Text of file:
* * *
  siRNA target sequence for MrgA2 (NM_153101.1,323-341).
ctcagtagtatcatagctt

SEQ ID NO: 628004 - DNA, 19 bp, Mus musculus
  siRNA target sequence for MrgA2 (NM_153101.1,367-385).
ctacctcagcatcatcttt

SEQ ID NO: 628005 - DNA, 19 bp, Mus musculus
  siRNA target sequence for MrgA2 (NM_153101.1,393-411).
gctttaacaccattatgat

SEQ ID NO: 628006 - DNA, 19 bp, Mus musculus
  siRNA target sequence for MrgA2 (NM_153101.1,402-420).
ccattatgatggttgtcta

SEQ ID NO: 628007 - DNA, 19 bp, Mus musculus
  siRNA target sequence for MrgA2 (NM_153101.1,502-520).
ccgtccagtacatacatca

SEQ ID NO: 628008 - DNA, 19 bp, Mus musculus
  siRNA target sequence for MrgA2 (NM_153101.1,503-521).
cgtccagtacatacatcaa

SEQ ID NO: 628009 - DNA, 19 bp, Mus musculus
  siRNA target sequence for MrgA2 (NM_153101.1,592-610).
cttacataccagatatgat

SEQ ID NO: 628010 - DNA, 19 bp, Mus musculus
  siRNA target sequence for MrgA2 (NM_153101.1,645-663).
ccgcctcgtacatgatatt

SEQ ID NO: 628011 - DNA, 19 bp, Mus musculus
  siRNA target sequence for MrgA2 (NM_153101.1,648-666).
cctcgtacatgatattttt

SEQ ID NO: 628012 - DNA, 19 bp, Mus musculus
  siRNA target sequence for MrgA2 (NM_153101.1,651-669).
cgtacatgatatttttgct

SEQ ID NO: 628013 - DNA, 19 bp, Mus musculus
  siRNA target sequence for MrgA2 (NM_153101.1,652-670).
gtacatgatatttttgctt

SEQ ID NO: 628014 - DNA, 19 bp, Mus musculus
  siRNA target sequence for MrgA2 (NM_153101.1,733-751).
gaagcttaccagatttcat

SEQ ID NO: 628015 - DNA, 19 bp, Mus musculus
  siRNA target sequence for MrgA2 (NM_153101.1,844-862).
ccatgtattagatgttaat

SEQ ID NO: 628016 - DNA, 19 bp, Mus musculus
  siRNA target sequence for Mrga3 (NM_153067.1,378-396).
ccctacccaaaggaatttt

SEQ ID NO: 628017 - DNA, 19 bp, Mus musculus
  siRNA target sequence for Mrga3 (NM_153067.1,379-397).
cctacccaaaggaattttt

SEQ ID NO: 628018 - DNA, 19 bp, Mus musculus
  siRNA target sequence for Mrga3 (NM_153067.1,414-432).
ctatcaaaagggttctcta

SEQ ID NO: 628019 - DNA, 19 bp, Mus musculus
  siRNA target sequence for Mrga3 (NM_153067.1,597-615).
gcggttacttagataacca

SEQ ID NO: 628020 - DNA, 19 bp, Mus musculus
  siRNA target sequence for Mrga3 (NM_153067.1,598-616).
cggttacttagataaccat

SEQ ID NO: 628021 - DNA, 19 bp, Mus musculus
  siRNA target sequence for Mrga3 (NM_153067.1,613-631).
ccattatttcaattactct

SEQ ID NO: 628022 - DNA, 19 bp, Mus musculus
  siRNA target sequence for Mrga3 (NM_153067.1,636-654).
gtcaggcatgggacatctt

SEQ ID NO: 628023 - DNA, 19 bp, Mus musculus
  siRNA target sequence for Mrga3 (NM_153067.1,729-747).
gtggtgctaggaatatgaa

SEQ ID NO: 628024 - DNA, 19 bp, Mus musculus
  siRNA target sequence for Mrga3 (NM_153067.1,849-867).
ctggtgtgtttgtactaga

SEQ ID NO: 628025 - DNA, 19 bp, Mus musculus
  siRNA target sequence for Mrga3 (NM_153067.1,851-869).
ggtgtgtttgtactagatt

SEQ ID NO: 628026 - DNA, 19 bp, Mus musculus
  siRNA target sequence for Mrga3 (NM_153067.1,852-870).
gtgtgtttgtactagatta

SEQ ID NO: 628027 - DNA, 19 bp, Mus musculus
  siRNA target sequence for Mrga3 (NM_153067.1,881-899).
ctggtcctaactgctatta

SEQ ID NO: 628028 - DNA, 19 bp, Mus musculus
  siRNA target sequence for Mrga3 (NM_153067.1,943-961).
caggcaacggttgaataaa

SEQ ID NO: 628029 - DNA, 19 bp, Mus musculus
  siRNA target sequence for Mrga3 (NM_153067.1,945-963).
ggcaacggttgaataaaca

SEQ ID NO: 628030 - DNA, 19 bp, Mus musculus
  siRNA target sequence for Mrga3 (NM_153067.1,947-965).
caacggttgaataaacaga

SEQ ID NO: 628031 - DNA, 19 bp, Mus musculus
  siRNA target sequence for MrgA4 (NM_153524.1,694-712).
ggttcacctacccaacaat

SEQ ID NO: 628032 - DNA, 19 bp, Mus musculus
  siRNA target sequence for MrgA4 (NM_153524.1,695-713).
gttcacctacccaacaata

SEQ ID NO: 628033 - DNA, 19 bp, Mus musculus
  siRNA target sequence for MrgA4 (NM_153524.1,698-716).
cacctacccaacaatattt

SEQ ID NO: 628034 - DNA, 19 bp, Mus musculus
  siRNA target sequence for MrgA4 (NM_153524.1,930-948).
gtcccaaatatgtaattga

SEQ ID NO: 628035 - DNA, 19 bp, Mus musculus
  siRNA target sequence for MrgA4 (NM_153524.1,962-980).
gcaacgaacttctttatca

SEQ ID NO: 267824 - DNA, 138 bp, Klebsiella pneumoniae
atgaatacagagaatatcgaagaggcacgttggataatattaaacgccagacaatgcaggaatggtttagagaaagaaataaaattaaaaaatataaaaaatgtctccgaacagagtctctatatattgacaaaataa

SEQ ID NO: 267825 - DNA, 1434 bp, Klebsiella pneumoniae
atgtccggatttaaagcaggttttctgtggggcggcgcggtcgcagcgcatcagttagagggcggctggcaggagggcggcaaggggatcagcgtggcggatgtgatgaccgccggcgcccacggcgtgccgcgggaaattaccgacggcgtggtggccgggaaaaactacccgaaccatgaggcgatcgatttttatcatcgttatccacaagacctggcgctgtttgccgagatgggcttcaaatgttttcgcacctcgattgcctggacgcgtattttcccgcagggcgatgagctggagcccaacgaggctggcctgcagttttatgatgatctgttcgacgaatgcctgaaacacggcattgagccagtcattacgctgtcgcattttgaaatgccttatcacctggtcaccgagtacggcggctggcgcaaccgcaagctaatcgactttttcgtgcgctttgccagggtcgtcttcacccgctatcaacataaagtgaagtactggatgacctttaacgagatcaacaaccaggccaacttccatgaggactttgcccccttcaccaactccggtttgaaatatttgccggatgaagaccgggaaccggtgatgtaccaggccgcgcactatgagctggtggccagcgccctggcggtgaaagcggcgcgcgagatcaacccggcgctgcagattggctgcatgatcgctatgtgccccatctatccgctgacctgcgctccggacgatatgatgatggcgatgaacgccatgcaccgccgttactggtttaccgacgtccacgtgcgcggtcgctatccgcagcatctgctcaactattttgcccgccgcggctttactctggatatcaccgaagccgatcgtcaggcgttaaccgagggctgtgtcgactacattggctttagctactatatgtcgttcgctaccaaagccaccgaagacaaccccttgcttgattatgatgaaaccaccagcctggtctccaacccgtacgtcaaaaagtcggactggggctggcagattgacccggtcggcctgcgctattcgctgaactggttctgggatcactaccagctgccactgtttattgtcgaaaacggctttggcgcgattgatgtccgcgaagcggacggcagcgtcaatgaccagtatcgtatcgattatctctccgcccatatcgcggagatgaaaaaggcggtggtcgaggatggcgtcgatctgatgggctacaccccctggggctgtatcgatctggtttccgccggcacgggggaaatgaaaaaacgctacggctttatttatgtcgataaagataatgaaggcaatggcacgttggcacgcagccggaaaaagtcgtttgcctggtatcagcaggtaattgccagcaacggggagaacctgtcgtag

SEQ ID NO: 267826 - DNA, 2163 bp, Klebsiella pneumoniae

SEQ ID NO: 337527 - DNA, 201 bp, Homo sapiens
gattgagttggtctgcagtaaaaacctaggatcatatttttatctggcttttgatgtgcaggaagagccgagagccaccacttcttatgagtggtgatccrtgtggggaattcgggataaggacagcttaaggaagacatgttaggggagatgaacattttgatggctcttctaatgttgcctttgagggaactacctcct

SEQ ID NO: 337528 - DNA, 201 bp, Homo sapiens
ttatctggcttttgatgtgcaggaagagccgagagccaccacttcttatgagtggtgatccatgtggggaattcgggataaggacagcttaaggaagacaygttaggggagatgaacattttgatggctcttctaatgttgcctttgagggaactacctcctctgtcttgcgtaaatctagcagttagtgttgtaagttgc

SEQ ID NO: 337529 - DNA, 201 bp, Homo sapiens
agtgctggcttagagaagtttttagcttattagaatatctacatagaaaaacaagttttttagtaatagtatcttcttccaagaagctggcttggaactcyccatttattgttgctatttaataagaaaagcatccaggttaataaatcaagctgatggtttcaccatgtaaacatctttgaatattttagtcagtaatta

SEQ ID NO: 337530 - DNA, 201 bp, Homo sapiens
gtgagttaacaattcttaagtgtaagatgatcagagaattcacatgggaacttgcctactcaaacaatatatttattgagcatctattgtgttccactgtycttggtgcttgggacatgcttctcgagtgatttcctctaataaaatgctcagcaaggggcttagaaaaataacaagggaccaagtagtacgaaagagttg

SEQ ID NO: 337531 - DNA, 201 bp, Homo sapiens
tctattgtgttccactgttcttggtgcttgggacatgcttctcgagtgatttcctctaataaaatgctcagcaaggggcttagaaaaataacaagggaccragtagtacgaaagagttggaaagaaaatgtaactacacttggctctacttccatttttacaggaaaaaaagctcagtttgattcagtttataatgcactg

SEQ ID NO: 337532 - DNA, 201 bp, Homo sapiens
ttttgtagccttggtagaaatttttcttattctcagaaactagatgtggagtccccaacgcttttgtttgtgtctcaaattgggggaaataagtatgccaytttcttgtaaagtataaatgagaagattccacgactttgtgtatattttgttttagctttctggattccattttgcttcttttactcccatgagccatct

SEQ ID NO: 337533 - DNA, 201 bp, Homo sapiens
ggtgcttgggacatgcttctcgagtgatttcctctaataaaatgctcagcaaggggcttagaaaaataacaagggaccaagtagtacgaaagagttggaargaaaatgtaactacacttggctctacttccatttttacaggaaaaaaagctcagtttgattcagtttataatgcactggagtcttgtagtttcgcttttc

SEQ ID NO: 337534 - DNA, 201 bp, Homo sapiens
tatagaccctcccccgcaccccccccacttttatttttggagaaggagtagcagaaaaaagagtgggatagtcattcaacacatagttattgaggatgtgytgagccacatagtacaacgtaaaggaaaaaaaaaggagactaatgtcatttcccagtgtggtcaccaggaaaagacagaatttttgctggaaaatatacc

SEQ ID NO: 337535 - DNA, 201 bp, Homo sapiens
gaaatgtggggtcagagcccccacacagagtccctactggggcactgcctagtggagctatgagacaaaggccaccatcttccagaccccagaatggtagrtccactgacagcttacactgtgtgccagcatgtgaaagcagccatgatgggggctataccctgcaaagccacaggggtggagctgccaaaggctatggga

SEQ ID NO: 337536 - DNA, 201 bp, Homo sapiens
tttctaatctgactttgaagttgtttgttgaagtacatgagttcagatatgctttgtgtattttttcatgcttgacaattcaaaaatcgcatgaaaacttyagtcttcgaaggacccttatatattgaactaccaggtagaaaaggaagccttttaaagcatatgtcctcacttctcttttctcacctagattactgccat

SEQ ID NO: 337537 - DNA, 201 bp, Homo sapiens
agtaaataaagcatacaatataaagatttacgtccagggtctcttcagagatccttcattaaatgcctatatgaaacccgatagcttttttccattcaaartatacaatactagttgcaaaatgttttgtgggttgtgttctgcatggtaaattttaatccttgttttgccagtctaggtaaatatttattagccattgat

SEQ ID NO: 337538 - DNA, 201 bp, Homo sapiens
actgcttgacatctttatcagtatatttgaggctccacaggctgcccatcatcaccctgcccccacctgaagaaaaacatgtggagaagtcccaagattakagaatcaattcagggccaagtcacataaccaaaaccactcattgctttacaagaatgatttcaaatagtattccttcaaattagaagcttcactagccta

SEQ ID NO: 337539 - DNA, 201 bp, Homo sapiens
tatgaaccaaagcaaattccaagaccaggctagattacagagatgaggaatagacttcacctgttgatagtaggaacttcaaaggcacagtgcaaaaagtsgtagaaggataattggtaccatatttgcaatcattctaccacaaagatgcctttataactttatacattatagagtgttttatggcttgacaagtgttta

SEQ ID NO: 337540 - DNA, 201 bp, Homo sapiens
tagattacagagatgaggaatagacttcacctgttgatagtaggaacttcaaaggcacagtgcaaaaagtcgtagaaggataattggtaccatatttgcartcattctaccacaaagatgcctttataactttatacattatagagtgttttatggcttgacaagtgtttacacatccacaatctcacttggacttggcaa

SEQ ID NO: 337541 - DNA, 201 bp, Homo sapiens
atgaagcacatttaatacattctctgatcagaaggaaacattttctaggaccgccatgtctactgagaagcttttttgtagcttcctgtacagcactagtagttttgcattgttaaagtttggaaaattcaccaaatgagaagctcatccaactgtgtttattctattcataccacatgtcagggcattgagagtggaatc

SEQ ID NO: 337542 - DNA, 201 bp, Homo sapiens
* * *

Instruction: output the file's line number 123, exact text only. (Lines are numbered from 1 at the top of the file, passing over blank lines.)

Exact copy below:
tttctaatctgactttgaagttgtttgttgaagtacatgagttcagatatgctttgtgtattttttcatgcttgacaattcaaaaatcgcatgaaaacttyagtcttcgaaggacccttatatattgaactaccaggtagaaaaggaagccttttaaagcatatgtcctcacttctcttttctcacctagattactgccat